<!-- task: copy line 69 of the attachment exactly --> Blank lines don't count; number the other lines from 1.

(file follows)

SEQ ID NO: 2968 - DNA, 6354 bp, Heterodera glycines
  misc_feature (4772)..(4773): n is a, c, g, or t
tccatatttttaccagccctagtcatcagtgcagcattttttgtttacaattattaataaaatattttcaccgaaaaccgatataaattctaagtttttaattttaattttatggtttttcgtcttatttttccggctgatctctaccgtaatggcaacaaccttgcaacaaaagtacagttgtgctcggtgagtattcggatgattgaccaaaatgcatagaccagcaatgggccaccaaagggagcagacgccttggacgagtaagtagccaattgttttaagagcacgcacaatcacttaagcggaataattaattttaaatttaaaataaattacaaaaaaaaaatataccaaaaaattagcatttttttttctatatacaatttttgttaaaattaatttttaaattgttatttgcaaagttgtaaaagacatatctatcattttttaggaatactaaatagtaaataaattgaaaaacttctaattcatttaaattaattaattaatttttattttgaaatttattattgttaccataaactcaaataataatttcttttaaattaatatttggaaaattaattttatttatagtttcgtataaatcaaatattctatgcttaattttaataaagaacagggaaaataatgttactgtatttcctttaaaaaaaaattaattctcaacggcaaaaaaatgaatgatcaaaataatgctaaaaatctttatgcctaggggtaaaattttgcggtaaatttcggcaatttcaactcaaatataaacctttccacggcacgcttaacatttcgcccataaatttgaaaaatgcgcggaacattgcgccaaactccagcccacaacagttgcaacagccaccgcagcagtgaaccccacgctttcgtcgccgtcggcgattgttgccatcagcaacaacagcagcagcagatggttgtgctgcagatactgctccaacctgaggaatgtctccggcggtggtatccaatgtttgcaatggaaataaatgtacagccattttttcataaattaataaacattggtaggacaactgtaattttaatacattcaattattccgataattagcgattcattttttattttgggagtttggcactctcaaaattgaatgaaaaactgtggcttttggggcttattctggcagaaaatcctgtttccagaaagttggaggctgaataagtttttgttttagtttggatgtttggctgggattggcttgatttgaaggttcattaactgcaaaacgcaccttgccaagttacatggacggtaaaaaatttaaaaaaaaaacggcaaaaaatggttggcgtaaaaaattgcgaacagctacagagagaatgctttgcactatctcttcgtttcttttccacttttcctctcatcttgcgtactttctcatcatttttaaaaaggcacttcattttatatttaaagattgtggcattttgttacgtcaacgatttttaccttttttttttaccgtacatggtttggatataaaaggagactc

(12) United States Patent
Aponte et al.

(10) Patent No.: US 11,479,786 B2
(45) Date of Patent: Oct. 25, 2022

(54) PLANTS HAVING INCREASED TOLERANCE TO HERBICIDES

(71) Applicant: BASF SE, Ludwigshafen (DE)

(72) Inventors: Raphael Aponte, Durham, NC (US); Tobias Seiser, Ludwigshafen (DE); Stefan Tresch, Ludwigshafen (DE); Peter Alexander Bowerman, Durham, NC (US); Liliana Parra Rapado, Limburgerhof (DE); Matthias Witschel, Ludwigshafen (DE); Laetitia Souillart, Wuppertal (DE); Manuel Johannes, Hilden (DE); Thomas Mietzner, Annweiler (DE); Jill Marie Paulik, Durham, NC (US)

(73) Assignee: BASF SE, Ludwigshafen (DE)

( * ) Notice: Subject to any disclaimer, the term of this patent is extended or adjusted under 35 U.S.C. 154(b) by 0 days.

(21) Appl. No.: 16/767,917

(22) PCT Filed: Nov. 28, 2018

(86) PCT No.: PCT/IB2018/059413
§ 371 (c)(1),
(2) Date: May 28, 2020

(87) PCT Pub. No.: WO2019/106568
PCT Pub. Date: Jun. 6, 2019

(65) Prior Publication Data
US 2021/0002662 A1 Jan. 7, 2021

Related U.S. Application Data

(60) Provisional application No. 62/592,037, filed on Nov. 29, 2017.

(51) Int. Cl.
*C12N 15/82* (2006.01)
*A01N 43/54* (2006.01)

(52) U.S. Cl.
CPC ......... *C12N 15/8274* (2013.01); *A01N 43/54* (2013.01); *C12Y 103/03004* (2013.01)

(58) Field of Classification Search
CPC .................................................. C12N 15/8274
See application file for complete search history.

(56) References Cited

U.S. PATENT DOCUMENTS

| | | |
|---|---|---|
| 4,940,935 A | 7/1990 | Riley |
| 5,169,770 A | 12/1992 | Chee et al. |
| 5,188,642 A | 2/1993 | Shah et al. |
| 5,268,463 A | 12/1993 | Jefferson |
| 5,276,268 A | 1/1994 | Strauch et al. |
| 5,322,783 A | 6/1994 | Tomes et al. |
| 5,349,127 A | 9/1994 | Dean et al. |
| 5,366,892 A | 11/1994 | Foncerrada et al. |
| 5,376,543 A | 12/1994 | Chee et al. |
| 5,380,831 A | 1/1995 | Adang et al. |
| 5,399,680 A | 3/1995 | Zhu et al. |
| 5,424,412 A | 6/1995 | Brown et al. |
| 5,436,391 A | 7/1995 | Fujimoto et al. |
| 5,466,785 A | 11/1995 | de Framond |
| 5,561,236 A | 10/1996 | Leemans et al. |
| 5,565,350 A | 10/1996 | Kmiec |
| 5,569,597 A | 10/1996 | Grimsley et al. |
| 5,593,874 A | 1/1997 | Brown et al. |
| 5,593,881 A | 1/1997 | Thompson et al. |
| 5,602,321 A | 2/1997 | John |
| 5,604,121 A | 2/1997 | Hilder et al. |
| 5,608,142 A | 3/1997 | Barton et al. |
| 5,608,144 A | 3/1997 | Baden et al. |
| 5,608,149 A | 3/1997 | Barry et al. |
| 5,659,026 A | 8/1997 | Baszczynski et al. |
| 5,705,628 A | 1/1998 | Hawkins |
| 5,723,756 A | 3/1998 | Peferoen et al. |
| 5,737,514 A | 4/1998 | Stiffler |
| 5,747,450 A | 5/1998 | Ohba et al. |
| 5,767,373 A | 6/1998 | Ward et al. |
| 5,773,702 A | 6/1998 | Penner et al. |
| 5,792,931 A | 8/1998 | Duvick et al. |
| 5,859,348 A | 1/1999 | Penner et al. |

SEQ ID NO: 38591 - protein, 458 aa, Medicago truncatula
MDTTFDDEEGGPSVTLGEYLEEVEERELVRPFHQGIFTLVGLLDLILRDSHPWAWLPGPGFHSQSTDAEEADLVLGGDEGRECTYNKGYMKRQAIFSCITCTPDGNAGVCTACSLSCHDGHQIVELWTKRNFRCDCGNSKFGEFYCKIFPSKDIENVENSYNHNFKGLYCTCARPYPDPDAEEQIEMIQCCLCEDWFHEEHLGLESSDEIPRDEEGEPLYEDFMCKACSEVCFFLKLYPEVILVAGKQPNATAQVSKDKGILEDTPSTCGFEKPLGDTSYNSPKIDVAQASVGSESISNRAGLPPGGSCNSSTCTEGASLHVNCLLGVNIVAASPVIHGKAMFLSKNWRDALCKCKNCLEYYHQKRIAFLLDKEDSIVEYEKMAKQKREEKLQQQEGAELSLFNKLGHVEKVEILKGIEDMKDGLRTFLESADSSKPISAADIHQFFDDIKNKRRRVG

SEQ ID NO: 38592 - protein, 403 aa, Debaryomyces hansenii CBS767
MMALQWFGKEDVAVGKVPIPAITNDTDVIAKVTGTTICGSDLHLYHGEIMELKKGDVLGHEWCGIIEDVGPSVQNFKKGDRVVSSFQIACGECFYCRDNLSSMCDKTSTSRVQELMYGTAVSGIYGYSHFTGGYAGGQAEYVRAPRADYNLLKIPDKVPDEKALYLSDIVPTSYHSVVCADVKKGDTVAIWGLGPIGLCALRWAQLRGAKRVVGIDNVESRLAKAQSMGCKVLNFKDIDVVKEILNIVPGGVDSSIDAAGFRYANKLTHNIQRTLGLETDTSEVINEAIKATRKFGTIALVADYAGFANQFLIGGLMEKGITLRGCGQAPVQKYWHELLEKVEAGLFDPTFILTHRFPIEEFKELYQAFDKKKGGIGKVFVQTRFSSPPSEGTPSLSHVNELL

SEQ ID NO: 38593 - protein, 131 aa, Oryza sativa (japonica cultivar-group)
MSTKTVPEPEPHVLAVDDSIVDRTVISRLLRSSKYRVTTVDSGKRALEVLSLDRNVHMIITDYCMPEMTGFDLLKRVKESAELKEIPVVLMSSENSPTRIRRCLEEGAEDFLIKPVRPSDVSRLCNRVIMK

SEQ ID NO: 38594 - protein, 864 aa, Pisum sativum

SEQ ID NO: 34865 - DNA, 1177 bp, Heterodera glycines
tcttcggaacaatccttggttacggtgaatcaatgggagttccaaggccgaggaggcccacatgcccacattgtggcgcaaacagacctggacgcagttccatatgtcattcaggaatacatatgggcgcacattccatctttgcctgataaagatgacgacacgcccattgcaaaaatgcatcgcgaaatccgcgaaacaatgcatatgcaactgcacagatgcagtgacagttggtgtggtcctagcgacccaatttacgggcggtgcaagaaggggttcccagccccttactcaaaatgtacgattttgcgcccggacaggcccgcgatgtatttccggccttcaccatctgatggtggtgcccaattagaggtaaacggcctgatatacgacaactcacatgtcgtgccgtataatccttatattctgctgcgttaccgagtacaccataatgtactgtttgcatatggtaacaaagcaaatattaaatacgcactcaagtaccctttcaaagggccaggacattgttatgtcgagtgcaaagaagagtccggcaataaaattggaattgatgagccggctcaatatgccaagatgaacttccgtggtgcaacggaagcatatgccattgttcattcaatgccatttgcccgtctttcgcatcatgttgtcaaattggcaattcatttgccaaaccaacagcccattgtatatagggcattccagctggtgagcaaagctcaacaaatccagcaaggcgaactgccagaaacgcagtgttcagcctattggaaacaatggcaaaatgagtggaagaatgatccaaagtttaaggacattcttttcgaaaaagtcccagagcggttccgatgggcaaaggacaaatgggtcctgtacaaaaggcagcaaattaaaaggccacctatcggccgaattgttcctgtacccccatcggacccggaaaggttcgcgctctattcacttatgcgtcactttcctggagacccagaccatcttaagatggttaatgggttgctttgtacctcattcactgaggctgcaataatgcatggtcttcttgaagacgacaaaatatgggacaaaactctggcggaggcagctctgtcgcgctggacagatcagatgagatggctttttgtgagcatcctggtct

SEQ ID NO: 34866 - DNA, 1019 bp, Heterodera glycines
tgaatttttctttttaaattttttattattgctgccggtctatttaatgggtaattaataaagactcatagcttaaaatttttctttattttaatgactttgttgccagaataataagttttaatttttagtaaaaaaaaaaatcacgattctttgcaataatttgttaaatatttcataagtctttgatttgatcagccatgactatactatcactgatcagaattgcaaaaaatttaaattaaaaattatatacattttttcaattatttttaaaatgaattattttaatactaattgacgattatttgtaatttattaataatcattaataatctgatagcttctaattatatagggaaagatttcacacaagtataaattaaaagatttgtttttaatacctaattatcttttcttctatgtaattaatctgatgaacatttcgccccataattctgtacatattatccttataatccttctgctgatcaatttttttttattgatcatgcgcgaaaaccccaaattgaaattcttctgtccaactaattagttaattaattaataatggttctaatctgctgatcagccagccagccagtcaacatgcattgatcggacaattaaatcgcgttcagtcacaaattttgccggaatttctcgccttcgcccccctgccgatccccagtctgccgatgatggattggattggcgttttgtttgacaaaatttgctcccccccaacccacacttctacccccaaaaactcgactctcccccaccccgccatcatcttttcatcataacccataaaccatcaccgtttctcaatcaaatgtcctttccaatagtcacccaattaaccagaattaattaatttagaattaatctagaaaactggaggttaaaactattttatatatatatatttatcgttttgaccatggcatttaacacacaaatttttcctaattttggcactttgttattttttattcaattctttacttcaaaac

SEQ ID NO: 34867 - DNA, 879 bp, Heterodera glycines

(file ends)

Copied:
SEQ ID NO: 38591 - protein, 458 aa, Medicago truncatula